Finally, the support described by the present invention is attached to the model in the front zone of the fuselage of the model, therefore said support remains separated from the wings and tail section which permits a reduction in the possible effect which the support could have on the measurements in those zones.

It is thus observed that no modification occurs to the gradient of the distribution curve of transverse areas of the model with and without support at each point, in other words, the support described by the present invention does not modify the variation in transverse areas of the model to which it is fitted and therefore the aerodynamic interference is minimized.

Another advantage of this type of support is that, as the zone of the tail and the wings remains free, it is possible to conduct tests in both zones at the same time. Given that the measurement of the aerodynamic forces on the model is done with a balance that is introduced into the fuselage, with the support of the present invention a balance can be introduced that is connected just to the tail section, with which just the tail is measured, and a balance can also be connected to the whole model, with which the wings and tail can be measured at the same time.

Furthermore, the support described by the present invention could also be used for tests in wind tunnels at ambient temperature and pressure, though the data produced would not be of such a high quality.

BRIEF DESCRIPTION OF THE FIGURES

The present invention will be entirely understood on the basis of the brief description given below and the accompanying drawings that are presented, solely by way of example and which are therefore not restrictive within the present invention and in which:

FIGS. 1 a, 1 b, 1 c and 1 d show the supports existing in the prior art, where FIG. 1 a shows a diagram of the sting type support; FIG. 1 b shows a diagram of the support consisting of two twin front stings; FIG. 1 c shows a diagram of the support that is attached to the model at the fuselage, in its middle-rear part, in the upper part thereof; and FIG. 1 d shows a diagram of the support that is attached to the model at the fuselage, in its middle-rear part, in the lower part thereof.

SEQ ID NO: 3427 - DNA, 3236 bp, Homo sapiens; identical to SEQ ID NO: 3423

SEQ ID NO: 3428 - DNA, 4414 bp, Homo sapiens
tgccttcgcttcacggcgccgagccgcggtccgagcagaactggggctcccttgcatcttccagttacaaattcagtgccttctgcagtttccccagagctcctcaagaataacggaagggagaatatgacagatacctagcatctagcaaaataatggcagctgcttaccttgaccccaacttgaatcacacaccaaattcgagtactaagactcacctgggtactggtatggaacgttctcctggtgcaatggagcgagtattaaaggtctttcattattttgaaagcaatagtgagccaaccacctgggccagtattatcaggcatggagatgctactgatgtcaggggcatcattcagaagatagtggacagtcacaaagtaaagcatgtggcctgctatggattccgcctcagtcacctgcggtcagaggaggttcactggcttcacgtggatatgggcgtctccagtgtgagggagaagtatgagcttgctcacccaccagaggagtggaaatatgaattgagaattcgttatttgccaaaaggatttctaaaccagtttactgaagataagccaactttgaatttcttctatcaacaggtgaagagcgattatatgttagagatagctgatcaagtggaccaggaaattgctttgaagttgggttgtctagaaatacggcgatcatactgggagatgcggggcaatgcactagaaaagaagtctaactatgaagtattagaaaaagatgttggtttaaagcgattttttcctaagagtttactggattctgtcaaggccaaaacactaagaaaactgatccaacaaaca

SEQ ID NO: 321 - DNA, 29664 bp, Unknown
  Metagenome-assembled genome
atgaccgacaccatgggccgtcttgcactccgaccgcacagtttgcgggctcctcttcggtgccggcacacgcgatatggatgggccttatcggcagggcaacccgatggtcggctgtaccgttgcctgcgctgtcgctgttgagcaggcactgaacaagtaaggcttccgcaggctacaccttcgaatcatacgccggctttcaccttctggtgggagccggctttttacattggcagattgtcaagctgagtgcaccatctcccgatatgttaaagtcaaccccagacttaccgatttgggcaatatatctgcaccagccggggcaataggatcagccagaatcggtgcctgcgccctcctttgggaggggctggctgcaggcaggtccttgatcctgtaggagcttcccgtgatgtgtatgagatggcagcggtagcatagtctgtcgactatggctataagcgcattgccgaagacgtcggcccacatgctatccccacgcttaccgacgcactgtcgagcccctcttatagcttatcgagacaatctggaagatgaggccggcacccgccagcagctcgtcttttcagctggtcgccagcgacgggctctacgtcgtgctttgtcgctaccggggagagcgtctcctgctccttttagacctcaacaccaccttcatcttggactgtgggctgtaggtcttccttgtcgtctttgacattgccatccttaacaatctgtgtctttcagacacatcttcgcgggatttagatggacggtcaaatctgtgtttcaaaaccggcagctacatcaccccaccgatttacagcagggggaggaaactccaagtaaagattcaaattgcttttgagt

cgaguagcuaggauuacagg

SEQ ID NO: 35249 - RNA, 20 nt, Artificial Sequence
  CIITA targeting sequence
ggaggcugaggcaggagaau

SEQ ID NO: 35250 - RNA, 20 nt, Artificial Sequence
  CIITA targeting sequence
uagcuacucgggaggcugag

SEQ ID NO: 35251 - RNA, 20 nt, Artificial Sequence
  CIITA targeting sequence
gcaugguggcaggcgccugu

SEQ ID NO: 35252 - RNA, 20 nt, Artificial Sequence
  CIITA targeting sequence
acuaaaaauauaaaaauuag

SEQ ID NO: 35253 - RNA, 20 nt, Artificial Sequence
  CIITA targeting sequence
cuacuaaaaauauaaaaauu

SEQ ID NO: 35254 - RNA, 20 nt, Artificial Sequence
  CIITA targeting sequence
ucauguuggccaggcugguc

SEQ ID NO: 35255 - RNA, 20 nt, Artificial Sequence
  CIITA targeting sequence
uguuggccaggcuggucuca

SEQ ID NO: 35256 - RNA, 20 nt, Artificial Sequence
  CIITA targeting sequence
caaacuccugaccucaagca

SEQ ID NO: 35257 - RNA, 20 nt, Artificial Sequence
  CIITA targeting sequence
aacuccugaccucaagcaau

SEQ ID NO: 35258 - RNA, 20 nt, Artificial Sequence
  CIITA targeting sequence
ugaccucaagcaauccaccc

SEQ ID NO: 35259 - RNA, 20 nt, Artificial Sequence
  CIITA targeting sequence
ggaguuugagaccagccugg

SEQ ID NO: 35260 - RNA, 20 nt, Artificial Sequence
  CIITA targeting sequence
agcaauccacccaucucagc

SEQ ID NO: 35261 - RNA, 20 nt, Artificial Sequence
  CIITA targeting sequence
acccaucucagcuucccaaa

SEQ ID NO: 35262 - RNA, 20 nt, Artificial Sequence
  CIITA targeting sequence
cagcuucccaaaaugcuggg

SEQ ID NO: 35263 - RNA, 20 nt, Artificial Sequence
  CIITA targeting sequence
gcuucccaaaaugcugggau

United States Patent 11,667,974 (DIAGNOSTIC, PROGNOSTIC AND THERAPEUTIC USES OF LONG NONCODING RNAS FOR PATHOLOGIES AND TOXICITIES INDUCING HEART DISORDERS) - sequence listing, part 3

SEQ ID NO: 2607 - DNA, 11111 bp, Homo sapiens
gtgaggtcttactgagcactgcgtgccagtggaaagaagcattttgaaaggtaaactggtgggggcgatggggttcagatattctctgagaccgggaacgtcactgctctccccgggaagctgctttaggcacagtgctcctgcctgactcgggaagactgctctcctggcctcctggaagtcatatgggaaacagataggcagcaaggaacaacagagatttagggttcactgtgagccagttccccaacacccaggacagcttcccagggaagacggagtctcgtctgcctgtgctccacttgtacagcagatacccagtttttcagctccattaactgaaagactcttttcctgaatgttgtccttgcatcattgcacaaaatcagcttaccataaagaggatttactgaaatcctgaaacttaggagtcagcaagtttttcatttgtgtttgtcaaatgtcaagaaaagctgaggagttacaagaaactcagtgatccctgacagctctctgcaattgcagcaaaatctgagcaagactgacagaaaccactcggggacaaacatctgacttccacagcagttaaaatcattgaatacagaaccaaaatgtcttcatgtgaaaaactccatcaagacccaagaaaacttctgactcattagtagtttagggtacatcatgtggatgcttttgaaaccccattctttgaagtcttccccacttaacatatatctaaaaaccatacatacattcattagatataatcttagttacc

FIG. 2 a shows a diagram of the minimum aerodynamic interference support for models in a cryogenic wind tunnel described by the present invention, connected to the front fuselage of an aircraft,

FIG. 2 b shows a detail of the dashed area of FIG. 2 a,

FIG. 3 a shows a graph displaying two curves of law (or distribution) of transverse areas of the model, one with support and the other without support,

FIG. 3 b shows a graph displaying the distribution of areas of the blade (1) along the x axis,

FIG. 4 a shows a graph displaying the expected results obtained in a computation on the tail section, and

FIG. 4 b shows a graph displaying the expected results obtained in a computation on the wings.

REFERENCES

  • 1: blade
  • 2: front sting
  • 3: extension or extension of the front sting
  • 4: model
  • 5: front fuselage of the model
  • A: curve for conventional supports
  • B: curve for free flight
  • C: curve for a support like that described by the present invention.
DETAILED DESCRIPTION OF THE INVENTION

The following description is made with the aim of reaching a better understanding of the object and functionality of this patent, and without being understood as restrictive solutions.

FIG. 2 a shows a diagram of the minimum aerodynamic interference support for models in a wind tunnel, preferably cryogenic, consisting of two main pieces, these pieces being a front sting (2) substantially parallel to the longitudinal axis of the model and a blade (1), combined together and describing an obtuse angle, said support being connected to the model (4) by means of the blade (1), and said connection between the blade (1) and the model (4) being made In the front zone of the fuselage (5) of the model (4). In addition, FIG. 2 b shows a detail of the dashed area of FIG. 2 a, where it can be clearly seen that the front sting (2) is designed in such a way that it includes an extension or bulb (3) which is horizontally extended parallel to the front zone (5) of the fuselage of the model (4). The front sting (2) including the extension (3), the blade (1) and the model (4) make up a single combined object for the purposes of carrying out the test.